Ex-Situ Cultivation of Non Timber Forest Products (Case of Gnetum spp)

Gnetum spp (Eru) is a highly priced and harvested non-timber forest product in the Mount Cameroon Region. It is already commercially extinct in this region. Harvesting is unsustainable and involves tree felling and off rooting of vines. This contributes to the region’s forest degradation.

The defunct Mount Cameroon Project (MCP) concentrated on the management of key resources like fuel wood, bush meat and Prunus africana. It organized resource users (farmers, charcoal burners, fuel wood exploiters and hunters) and monitored their activities. The introduction and implementation of exploitation quotas regulated resource use. MCP closure, inadequate follow-up and financing led to increased irrational exploitation.

This project contributed to forest conservation by reducing pressure on wild eru stock through:

  • Training of farmers, charcoal burners, fuel wood exploiters and hunters on ex-situ cultivation and sustainable management of wild eru
  • Promotion of enrichment planting, (encouraging natural regeneration)

Eru Farm Established by Trainees

Summary of Results of the Project
This project sensitized 211 resource users (107 men & 104 women) on the rational exploitation and cultivation of ntfps and the link to biodiversity conservation. It then built the capacity of 179 (92 women & 86 men) on ex-situ cultivation of Gnetum spp through the organisation of 7 training workshops, 63 technical support visits, 4 exchange visits and an open field day. As a result 7 eru demonstration farms were established, and 13350 eru seedlings raised and distributed. Implementation of forest legislation was fostered even though some community members remained above the law. Forest management institutions had local administration’s support. At the close of the project change in livelihood was yet to occur. Except for one farmer engaged in food service industry with eru from her farm, and who had been involved in eru farming since 1999, all the other participants were still to start reaping financial gains from their investment in eru.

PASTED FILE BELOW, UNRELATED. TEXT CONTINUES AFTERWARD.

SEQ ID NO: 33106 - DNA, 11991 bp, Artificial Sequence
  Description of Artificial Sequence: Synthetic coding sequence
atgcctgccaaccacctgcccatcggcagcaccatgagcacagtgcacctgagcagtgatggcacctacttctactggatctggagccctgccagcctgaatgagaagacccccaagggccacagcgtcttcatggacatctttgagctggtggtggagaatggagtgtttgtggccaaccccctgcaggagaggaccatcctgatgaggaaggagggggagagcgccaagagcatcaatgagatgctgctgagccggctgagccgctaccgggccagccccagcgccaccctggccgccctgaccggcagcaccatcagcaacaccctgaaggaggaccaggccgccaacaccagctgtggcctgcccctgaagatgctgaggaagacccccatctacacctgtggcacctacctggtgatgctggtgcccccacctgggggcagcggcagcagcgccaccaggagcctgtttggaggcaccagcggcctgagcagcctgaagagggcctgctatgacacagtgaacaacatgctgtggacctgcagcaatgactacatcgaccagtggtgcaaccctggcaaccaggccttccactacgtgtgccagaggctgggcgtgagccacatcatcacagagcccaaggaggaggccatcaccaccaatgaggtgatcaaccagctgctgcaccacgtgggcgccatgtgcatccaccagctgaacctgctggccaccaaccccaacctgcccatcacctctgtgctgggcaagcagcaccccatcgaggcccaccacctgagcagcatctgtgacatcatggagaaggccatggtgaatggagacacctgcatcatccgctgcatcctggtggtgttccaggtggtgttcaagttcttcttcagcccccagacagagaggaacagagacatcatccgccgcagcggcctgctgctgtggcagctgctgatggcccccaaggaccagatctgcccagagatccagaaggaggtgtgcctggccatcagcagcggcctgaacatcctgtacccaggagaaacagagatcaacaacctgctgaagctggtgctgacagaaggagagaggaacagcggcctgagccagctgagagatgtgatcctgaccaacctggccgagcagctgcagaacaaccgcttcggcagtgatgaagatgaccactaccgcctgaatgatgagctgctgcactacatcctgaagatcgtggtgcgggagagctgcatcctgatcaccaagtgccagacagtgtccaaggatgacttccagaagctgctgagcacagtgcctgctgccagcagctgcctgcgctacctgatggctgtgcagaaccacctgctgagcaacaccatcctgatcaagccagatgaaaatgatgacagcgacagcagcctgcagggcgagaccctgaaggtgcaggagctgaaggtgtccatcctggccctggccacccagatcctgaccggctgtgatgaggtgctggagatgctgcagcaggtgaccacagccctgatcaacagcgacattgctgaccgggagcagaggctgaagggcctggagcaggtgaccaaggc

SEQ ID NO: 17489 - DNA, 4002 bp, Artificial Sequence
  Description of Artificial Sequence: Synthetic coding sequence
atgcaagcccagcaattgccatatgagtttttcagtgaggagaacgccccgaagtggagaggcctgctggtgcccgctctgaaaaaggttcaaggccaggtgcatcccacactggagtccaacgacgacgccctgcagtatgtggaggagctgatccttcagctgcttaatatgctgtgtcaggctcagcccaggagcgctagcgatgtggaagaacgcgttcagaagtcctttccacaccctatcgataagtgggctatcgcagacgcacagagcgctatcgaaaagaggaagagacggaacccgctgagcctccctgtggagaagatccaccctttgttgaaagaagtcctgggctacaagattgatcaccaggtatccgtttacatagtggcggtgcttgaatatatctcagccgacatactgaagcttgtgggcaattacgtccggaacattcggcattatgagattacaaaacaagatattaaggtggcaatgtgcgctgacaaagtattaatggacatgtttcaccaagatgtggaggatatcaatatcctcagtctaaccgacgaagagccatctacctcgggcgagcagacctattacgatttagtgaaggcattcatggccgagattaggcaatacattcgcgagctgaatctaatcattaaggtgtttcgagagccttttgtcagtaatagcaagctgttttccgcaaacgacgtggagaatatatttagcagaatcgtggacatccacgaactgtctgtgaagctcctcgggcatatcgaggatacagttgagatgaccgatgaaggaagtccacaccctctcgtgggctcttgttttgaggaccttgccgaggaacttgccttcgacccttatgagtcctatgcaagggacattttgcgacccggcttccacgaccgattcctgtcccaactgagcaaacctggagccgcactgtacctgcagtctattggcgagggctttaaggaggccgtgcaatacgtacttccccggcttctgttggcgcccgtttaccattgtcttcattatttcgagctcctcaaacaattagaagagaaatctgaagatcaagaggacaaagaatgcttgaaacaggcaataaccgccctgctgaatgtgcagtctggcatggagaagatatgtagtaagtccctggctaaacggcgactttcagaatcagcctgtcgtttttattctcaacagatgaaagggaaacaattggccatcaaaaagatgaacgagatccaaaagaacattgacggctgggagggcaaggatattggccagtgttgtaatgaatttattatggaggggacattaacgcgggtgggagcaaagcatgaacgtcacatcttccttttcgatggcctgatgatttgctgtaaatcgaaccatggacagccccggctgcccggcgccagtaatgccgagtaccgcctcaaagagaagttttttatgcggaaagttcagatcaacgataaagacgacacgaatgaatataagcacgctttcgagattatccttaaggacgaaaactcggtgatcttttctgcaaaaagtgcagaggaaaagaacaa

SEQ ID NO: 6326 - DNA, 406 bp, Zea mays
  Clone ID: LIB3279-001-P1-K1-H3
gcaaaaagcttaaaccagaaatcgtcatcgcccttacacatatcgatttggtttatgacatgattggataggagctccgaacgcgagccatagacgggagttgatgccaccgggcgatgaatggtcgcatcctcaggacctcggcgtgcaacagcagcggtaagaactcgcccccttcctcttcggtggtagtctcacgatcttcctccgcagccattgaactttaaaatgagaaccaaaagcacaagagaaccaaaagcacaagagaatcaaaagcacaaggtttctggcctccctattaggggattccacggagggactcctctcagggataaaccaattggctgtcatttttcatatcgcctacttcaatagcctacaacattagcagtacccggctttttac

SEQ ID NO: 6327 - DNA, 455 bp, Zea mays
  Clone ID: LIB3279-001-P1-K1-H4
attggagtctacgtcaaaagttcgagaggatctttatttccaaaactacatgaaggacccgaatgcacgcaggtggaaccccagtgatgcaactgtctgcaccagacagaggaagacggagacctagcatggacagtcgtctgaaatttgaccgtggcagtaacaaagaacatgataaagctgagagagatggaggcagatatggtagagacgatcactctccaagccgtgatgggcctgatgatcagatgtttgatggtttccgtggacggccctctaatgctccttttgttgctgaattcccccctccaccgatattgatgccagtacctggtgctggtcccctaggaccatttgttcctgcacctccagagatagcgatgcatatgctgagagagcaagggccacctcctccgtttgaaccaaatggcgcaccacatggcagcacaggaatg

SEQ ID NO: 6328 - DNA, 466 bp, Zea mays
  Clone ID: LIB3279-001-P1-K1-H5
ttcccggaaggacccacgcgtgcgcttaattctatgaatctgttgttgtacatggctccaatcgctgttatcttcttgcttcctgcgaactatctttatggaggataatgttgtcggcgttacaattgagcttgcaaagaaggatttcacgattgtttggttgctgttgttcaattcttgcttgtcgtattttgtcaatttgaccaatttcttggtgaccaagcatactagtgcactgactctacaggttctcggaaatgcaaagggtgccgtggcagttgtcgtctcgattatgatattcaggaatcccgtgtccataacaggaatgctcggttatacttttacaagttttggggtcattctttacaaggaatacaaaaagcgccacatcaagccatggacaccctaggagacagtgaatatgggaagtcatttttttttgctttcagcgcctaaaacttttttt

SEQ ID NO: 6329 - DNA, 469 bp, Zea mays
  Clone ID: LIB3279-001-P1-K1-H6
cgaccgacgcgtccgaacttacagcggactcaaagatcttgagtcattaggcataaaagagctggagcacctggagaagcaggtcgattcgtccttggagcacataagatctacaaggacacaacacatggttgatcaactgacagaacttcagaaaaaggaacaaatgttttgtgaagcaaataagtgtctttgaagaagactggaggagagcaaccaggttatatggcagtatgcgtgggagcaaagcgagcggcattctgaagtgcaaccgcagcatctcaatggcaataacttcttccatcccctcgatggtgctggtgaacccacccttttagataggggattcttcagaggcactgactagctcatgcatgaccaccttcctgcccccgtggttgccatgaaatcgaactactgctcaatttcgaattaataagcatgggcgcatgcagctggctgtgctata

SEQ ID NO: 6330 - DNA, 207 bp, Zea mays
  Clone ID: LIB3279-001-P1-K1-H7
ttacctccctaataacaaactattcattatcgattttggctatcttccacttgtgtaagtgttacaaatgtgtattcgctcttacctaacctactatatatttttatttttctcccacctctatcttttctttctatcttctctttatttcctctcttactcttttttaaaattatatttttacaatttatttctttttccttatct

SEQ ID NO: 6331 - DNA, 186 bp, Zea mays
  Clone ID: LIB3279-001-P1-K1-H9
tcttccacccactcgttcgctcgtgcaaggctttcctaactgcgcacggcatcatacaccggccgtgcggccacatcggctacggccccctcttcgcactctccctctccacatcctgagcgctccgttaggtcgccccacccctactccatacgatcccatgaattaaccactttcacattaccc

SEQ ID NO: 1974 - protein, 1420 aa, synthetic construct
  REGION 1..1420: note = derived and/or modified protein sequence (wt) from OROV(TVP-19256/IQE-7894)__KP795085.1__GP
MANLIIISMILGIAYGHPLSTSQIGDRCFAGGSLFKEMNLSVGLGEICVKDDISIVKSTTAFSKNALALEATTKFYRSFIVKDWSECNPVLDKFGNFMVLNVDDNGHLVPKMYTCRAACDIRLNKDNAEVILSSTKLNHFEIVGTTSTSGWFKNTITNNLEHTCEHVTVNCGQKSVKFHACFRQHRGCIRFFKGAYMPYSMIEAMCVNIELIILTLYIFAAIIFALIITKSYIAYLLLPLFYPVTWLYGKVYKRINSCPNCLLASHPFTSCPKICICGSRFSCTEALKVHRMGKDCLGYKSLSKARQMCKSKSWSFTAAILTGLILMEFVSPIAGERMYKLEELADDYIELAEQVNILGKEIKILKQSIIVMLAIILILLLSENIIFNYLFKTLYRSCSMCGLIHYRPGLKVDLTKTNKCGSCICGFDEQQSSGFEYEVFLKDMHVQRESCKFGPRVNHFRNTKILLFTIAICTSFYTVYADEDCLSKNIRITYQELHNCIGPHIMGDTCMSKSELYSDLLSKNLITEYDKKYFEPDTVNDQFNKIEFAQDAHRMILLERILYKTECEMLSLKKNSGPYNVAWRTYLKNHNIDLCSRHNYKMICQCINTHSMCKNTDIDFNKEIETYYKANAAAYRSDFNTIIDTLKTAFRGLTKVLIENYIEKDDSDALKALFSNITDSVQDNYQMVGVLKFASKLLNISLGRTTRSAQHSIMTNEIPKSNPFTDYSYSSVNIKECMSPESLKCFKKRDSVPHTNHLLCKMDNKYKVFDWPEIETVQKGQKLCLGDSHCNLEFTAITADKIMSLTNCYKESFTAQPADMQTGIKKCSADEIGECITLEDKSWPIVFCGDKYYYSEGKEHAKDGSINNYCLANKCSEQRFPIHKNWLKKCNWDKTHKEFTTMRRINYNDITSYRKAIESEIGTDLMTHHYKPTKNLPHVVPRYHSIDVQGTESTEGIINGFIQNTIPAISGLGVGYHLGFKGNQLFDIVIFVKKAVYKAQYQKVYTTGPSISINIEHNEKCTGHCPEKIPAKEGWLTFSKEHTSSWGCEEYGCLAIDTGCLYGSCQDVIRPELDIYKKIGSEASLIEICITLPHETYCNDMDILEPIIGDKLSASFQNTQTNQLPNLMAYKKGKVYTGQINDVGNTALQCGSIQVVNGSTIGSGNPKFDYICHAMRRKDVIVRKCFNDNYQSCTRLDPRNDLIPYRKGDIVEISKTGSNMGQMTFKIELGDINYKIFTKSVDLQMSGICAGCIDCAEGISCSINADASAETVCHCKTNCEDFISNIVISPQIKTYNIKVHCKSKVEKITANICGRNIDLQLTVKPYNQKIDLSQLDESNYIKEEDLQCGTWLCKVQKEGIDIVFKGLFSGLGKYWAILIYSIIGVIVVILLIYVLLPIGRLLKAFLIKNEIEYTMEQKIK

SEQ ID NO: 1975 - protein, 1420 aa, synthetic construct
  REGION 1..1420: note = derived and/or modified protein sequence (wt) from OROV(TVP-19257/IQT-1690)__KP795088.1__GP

The project left behind nursery facilities for the production and distribution of eru seedlings to community members and some remain operational till date. This project acted as a boaster as it contributed to the acquisition of a grant for CENDEP to construct her own eru nursery for multiplication and distribution of eru seedlings to sustain itself.

As an observation start up grants like this one can empower CBOs to champion conservation work in their communities. A larger funding for a second phase of this project with broader-based participation and planning should be considered. Read the full report.


Nursery Construction
Korup National Park
Organic Farming